1. Use their name. Examples: doctors, homemakers, dentists, small business owners, and course creators.
  2. Call out a specific problem they are experiencing. Examples: unable to spend time with family, feeling like you’re always “hunting” for new clients, etc.
  3. Call out a competitor or an alternative. Examples: tired of using Microsoft Excel, frustrated using an electric chopper.., etc.
  4. Use a combination of any or all of the above.

2. Make A Specific Offer or Promise

Work on creating a specific promise by getting specific about the outcome. Here are two ways you can be specific about your promise:

  1. Time specificity: Promise something that your subscribers will get within a specific time.
  2. Result specificity: You can promise a specific result.

You can also consider combining time and result specificities to make your promise more compelling.

3. Create A Strong Value Proposition

Work on articulating a strong statement of benefit. State the benefits of opting in by articulating the features and benefits of every element of your lead magnet. Can your value proposition be tested? Are they tangible? Can your subscribers feel the result or transformation? Those are the questions you want to ask yourself as you write the value proposition.

4. Position The Offer Strongly

Positioning your lead magnet as something “free” reduces your offer’s value. Instead, Your opt-in page must position the lead magnet as a priceless resource. Promising to share a priceless resource in exchange for your buyers’ email addresses automatically positions your lead magnet as a step toward your paid offer.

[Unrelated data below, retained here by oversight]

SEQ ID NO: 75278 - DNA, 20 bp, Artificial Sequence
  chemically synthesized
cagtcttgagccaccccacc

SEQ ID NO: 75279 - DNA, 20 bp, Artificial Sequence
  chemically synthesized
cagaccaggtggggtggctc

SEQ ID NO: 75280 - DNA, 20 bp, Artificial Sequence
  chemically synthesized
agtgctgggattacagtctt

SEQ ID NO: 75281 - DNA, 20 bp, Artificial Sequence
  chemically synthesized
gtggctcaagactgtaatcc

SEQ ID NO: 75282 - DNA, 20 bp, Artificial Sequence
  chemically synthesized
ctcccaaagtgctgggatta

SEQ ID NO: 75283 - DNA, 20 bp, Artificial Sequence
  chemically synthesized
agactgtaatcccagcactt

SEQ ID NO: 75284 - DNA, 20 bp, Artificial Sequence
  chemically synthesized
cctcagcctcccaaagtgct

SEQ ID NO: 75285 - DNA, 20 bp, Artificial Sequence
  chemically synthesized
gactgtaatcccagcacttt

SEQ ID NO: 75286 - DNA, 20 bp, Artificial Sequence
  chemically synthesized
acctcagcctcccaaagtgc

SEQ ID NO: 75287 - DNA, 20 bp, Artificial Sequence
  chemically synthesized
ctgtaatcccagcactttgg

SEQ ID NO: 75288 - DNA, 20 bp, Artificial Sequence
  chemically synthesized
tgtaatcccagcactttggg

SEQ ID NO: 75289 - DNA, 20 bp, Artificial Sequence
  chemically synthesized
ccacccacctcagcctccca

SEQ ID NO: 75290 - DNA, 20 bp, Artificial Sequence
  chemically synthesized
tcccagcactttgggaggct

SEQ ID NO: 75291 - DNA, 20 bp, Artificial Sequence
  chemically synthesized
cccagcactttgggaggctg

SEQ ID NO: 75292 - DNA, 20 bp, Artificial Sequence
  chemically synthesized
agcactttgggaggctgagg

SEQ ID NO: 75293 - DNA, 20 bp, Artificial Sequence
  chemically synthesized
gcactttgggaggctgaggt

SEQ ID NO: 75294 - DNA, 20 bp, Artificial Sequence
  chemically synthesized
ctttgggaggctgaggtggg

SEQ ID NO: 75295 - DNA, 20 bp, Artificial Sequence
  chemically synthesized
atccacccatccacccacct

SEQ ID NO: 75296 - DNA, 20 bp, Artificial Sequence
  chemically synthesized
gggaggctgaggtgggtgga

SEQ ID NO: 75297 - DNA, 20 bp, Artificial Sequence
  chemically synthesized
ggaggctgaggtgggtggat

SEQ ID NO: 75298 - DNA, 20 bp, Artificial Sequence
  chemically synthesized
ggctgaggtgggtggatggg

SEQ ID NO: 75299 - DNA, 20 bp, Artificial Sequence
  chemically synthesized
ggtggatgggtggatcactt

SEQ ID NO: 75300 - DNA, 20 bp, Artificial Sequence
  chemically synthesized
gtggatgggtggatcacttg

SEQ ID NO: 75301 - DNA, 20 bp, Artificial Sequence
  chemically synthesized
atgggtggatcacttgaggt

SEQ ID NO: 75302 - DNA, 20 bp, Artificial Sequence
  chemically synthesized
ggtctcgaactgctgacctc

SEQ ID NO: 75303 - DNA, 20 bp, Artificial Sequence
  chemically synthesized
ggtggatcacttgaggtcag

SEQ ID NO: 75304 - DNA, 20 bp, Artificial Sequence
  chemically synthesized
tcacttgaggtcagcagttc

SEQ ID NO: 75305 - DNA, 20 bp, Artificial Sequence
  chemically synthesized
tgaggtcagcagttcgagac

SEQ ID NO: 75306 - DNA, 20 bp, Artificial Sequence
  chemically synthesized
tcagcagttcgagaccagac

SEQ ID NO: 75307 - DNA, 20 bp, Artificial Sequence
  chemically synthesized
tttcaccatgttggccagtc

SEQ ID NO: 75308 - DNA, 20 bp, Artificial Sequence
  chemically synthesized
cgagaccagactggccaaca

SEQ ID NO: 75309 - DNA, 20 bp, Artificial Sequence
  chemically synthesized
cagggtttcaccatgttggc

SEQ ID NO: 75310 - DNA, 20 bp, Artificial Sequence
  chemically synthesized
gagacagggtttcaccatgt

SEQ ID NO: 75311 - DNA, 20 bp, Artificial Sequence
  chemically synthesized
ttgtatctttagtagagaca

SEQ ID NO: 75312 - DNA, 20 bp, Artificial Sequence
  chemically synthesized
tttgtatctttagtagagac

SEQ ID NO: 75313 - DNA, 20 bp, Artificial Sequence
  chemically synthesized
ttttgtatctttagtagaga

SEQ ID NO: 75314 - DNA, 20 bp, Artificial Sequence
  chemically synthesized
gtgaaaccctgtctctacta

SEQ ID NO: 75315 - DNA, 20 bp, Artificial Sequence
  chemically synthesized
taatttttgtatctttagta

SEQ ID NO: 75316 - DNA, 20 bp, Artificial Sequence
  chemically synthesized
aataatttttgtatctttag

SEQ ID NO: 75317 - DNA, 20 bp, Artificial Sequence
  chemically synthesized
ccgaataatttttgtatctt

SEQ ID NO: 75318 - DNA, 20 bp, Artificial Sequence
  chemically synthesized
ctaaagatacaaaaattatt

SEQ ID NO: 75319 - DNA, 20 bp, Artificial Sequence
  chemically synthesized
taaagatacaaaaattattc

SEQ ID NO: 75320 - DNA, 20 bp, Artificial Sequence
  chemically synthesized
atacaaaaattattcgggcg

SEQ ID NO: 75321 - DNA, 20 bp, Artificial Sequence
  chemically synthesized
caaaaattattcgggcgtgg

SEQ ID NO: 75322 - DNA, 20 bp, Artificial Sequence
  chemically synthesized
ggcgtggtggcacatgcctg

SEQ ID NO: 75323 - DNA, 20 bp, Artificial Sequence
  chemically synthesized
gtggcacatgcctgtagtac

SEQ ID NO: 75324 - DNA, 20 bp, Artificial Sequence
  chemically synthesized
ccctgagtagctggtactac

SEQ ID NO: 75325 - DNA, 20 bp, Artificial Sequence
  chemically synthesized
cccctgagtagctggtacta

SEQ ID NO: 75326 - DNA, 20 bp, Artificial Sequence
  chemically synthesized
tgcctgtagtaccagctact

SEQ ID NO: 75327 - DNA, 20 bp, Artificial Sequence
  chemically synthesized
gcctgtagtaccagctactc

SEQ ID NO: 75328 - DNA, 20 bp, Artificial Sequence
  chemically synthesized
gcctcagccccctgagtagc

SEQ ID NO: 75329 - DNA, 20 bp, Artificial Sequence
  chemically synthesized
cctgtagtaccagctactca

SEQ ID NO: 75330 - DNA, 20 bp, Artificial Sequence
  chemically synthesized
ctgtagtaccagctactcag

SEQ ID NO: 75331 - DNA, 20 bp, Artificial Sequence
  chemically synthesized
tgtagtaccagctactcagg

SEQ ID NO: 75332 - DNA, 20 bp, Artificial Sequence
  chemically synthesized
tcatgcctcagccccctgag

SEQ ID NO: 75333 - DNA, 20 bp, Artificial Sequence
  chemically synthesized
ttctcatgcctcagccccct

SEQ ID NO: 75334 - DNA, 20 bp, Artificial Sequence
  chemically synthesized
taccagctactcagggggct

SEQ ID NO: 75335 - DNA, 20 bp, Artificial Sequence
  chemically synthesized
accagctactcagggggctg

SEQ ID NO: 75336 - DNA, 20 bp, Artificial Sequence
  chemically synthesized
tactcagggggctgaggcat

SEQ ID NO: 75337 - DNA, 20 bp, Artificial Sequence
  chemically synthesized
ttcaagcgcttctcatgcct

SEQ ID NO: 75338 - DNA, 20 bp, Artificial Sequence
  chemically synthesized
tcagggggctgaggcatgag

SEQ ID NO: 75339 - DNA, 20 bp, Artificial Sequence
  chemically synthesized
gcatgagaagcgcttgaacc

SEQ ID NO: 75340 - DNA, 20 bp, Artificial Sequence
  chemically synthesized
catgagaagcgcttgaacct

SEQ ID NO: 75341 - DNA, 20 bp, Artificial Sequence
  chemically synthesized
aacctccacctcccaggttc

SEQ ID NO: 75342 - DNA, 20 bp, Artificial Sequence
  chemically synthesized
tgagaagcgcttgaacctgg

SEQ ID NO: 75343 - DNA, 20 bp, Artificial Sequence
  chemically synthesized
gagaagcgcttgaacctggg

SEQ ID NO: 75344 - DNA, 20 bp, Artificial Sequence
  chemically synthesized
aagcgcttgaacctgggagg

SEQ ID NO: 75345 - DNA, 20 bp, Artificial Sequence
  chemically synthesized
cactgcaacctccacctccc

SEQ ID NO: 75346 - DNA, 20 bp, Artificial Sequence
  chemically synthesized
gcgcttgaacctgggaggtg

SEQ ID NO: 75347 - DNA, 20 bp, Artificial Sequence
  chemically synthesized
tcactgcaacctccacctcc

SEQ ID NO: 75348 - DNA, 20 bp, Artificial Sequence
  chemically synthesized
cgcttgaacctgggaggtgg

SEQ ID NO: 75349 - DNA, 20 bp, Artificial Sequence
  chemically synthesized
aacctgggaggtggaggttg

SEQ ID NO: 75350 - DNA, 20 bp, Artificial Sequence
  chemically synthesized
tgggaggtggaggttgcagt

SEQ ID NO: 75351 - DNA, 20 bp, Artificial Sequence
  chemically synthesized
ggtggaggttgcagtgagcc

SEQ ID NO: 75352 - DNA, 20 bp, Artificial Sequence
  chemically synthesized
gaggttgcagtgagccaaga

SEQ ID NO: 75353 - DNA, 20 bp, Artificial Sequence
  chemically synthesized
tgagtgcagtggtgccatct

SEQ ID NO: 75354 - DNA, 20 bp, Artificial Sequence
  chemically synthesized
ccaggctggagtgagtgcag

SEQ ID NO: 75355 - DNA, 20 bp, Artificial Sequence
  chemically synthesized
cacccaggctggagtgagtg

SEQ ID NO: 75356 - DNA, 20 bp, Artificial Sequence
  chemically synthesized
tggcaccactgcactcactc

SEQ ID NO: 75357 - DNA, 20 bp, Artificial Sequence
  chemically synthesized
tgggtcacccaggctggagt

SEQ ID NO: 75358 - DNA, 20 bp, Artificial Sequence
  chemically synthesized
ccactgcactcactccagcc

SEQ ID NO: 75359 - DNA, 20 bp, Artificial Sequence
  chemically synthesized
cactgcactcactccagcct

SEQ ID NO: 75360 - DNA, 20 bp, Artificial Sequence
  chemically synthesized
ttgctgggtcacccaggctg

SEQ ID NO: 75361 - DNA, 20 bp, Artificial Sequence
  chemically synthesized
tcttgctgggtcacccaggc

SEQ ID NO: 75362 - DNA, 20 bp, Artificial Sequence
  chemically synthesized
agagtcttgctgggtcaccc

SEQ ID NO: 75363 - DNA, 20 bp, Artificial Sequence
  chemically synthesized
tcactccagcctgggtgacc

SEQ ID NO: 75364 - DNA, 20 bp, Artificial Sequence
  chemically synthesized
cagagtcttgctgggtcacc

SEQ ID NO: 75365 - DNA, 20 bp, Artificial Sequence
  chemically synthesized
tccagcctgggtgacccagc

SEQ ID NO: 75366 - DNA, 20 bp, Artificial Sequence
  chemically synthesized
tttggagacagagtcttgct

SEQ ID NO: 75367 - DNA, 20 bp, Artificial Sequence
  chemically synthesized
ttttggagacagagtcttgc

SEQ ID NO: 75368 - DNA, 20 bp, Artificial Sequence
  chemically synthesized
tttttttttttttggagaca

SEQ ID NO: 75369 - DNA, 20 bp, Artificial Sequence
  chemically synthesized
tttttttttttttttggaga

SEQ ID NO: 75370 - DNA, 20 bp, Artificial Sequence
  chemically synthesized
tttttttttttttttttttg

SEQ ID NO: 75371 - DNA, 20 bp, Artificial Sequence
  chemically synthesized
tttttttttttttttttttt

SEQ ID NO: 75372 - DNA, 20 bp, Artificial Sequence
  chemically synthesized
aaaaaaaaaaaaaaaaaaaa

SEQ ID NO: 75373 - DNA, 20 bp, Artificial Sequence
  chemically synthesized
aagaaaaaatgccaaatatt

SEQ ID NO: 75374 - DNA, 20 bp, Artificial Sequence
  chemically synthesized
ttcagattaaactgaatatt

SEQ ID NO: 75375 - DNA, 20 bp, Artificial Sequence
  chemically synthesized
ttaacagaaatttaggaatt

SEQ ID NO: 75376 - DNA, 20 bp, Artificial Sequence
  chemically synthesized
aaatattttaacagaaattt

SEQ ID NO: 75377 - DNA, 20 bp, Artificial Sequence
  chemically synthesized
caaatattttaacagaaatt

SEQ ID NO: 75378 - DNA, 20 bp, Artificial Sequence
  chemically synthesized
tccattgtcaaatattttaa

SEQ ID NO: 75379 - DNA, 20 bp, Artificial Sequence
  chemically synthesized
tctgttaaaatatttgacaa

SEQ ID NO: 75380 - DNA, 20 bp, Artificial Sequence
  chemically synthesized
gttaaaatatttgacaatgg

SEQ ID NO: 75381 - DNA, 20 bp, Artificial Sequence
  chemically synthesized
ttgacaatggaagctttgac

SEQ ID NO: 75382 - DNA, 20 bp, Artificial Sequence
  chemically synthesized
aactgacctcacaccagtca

5. Align To A Clear Paid Offer

When your lead magnet aligns with your paid offer positioning, you have a winner. While this may not impact your opt-in page conversions, it will certainly impact the kind of people you attract to your email list. So how do you do it?

As soon as you have an idea for a lead magnet, ask yourself a simple question: “How does the result someone gets using this lead magnet help them get the ultimate result that they will get from purchasing my paid course?”

If using the lead magnet helps them reach their ultimate goal, then your opt-in page is a winner.

Create Your Opt-in Page

It’s time to create your opt-in page. What does it look like? Type your opt-in page copy in the comments. And if you enjoy reading these blog posts, consider subscribing to the Paid Course Creator newsletter to get tips, tricks, and strategies to help you sell more and make more profit.

To your prosperity,

Kartvee

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About the author 

Karthik

Founder of This GPT Life podcast and blog. Also founded DYTLabs where we run B2B marketing experiments. Generalist. Technologist. Copywriter. Ex-Verizon and ex-IBM. 15+ years in Tech + SaaS + Product Management. Husband to a makeup artist. Dad to a 10-year-old son. Cat-parent. Goals: Run 10K in 50 mins. Perform stand up comedy.